This press release is for those interested in the CalProg organization and more specifically the status of “The Festival”. What follows is an admittedly verbose statement on the state of our organization and a fair amount of speculation on the state of the prog music scene in general. If you are not interested in all that I suggest you skip down to the last section labeled “The Bottom Line” for your convenience.
I have been receiving a lot of emails inquiring about the status of our annual event the CalProg Festival. This past weekend there was a meeting of the executive staff and it was decided that it would be a good idea to issue a statement to let our faithful fans know what’s going on as well as to dispel any rumors and speculation that is floating about with regards to our future plans.
Long before the announcement of the cancellation of NearFest 2011 we had been considering taking a year off from the festival circuit. There is no shortage of speculation about why festival attendance has dropped off in recent years, but in comparing notes with the other festival organizers, and seeing a good number of them come and go in the past 5 years I know that we are not the only ones seeing this decline. I’m sure there are multiple contributing factors, and I’m not convinced that any single one of them is solely to blame. But regardless of the “why”, the fact is that prog festival attendance in general is on the decline. Possible factors being bantered about are: the economy, a glut of festivals, a lull in the fervor of new and returning prog fans, limited number of “top shelf prog acts", etc. Believe me, I have spent countless hours reading prog boards, publications and comparing notes with everyone who has an opinion on the subject and all I know for sure is that no one really knows why.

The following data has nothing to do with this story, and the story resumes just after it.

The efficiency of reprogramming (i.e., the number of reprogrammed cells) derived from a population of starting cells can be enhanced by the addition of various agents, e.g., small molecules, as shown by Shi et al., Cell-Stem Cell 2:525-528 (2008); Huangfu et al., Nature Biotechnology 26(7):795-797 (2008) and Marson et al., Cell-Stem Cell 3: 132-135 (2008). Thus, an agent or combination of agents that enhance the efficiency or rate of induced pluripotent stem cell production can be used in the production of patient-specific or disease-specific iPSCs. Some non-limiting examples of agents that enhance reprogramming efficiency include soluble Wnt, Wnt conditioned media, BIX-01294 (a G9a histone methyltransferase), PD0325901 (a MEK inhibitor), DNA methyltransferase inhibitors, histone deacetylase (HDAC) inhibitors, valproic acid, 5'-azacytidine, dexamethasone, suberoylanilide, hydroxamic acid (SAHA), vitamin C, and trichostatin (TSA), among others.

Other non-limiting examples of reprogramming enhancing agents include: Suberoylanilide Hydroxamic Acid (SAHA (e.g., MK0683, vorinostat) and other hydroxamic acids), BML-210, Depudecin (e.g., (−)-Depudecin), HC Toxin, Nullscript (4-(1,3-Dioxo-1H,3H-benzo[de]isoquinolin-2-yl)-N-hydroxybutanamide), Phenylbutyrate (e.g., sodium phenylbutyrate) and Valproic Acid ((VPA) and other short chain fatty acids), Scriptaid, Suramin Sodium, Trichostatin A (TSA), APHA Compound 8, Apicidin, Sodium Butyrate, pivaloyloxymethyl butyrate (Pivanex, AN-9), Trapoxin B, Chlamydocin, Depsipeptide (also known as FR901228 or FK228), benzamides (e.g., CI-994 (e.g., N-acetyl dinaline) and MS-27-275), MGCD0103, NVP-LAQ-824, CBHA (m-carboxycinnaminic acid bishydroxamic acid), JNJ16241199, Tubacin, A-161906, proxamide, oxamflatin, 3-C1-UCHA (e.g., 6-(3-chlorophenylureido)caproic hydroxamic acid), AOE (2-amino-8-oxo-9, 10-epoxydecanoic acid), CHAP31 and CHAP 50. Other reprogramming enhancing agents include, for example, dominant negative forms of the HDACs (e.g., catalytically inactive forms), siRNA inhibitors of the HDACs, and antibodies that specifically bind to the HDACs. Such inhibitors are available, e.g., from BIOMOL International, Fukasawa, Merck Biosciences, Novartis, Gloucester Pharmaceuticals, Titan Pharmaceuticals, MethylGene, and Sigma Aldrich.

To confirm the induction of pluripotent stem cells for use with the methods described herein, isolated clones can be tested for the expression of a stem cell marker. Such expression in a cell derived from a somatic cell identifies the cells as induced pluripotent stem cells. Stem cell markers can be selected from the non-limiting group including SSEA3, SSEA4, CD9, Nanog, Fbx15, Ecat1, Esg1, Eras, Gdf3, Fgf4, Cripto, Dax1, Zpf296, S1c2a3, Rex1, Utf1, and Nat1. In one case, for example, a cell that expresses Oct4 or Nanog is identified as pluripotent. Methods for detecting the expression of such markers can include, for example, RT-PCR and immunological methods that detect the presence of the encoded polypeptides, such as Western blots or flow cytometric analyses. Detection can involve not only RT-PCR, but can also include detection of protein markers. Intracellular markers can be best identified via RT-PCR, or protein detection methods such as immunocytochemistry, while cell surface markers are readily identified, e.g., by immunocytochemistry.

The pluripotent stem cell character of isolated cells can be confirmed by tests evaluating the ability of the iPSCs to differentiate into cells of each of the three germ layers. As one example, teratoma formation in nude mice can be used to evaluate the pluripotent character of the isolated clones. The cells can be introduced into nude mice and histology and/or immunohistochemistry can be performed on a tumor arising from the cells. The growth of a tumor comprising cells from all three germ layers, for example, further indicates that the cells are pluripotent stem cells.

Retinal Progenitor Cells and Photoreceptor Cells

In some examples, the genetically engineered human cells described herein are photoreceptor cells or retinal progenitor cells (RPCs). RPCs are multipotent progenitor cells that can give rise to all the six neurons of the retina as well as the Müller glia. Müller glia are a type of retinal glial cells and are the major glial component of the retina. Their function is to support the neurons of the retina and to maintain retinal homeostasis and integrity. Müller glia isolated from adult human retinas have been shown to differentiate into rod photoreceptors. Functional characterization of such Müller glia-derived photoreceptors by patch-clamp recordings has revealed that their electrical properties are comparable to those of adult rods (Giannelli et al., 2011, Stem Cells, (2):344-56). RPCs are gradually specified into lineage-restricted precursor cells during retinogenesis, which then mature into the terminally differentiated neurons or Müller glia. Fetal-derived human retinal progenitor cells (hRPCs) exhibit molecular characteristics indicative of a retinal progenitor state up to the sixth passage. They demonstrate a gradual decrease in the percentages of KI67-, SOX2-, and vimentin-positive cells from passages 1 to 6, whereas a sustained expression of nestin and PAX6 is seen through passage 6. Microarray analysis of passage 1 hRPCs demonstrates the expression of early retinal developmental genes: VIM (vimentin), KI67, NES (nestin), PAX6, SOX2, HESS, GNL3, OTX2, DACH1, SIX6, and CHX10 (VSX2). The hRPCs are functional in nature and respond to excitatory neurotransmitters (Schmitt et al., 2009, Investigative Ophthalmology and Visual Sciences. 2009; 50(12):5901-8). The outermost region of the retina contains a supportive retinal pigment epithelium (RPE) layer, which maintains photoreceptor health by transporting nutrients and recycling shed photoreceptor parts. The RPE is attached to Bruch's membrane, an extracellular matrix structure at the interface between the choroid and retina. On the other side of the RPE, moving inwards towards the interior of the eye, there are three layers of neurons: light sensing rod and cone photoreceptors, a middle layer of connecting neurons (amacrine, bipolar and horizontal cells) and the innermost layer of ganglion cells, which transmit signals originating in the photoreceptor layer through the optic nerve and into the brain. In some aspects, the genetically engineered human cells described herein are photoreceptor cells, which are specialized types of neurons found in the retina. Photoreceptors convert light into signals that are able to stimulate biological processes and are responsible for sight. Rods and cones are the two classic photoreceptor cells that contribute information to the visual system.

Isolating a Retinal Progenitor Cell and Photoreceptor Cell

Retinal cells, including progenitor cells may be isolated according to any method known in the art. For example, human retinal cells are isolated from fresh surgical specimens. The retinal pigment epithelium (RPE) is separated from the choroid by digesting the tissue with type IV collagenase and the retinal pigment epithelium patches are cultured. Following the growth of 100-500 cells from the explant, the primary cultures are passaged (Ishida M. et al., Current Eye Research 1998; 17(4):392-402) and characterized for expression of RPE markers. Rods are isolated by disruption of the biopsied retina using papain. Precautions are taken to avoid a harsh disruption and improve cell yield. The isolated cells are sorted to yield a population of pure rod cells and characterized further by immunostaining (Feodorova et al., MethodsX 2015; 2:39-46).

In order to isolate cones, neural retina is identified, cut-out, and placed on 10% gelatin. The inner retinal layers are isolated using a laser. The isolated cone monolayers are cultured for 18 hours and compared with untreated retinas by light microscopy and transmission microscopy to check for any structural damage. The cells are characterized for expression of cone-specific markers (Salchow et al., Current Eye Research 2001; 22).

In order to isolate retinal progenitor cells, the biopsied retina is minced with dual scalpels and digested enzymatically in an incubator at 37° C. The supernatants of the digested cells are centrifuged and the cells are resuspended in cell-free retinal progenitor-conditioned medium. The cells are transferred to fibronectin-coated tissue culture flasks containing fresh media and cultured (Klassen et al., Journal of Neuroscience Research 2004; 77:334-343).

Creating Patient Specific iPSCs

I speak for the entire CalProg staff when I say that while the Festival is by far the most challenging to execute from a perspective of planning, logistics, and production, it is also the most rewarding thing we do artistically. There is an undeniable magic that we experience each year as a room full of avid music fans discover new (and sometimes old) bands together that outside of the festival environment might have never been on a stage in our city. We spend countless hours pouring over acts each year trying to select a diverse yet compelling combination for this purpose. And we have made some wonderful discoveries together. Who can forget the off-beat charm of Bubblemath, the polished jazzy prog of Helmet of Gnats, the youthful charisma of Spiraling and District 97, the warmth and class of our dear friends IZZ, the powerhouse of Swedish prog Karmakanic and Agents of Mercy, the brilliant multi-media spectacle of miRthkon and the mind-blowing performance of last year’s headliners Ambrosia who befuddled even the most ardent naysayers? The list goes on and on, and without the festival I don’t think most of us would have ever seen these bands. The thing that is saddest to me personally about not doing the festival is that we cannot provide a big stage for so many young bands that deserve this exposure. But we think it’s better to provide SOME prog than none, so keeping CalProg alive as an organization takes precedence over our personal wants and desires.
We’d like to thank you all for your continued support
over these past 8 years. It is because of you that we exist, and we will
continue to do our best to keep bringing top shelf prog music to southern
Jim “PapaJ” Harrel @ CalProg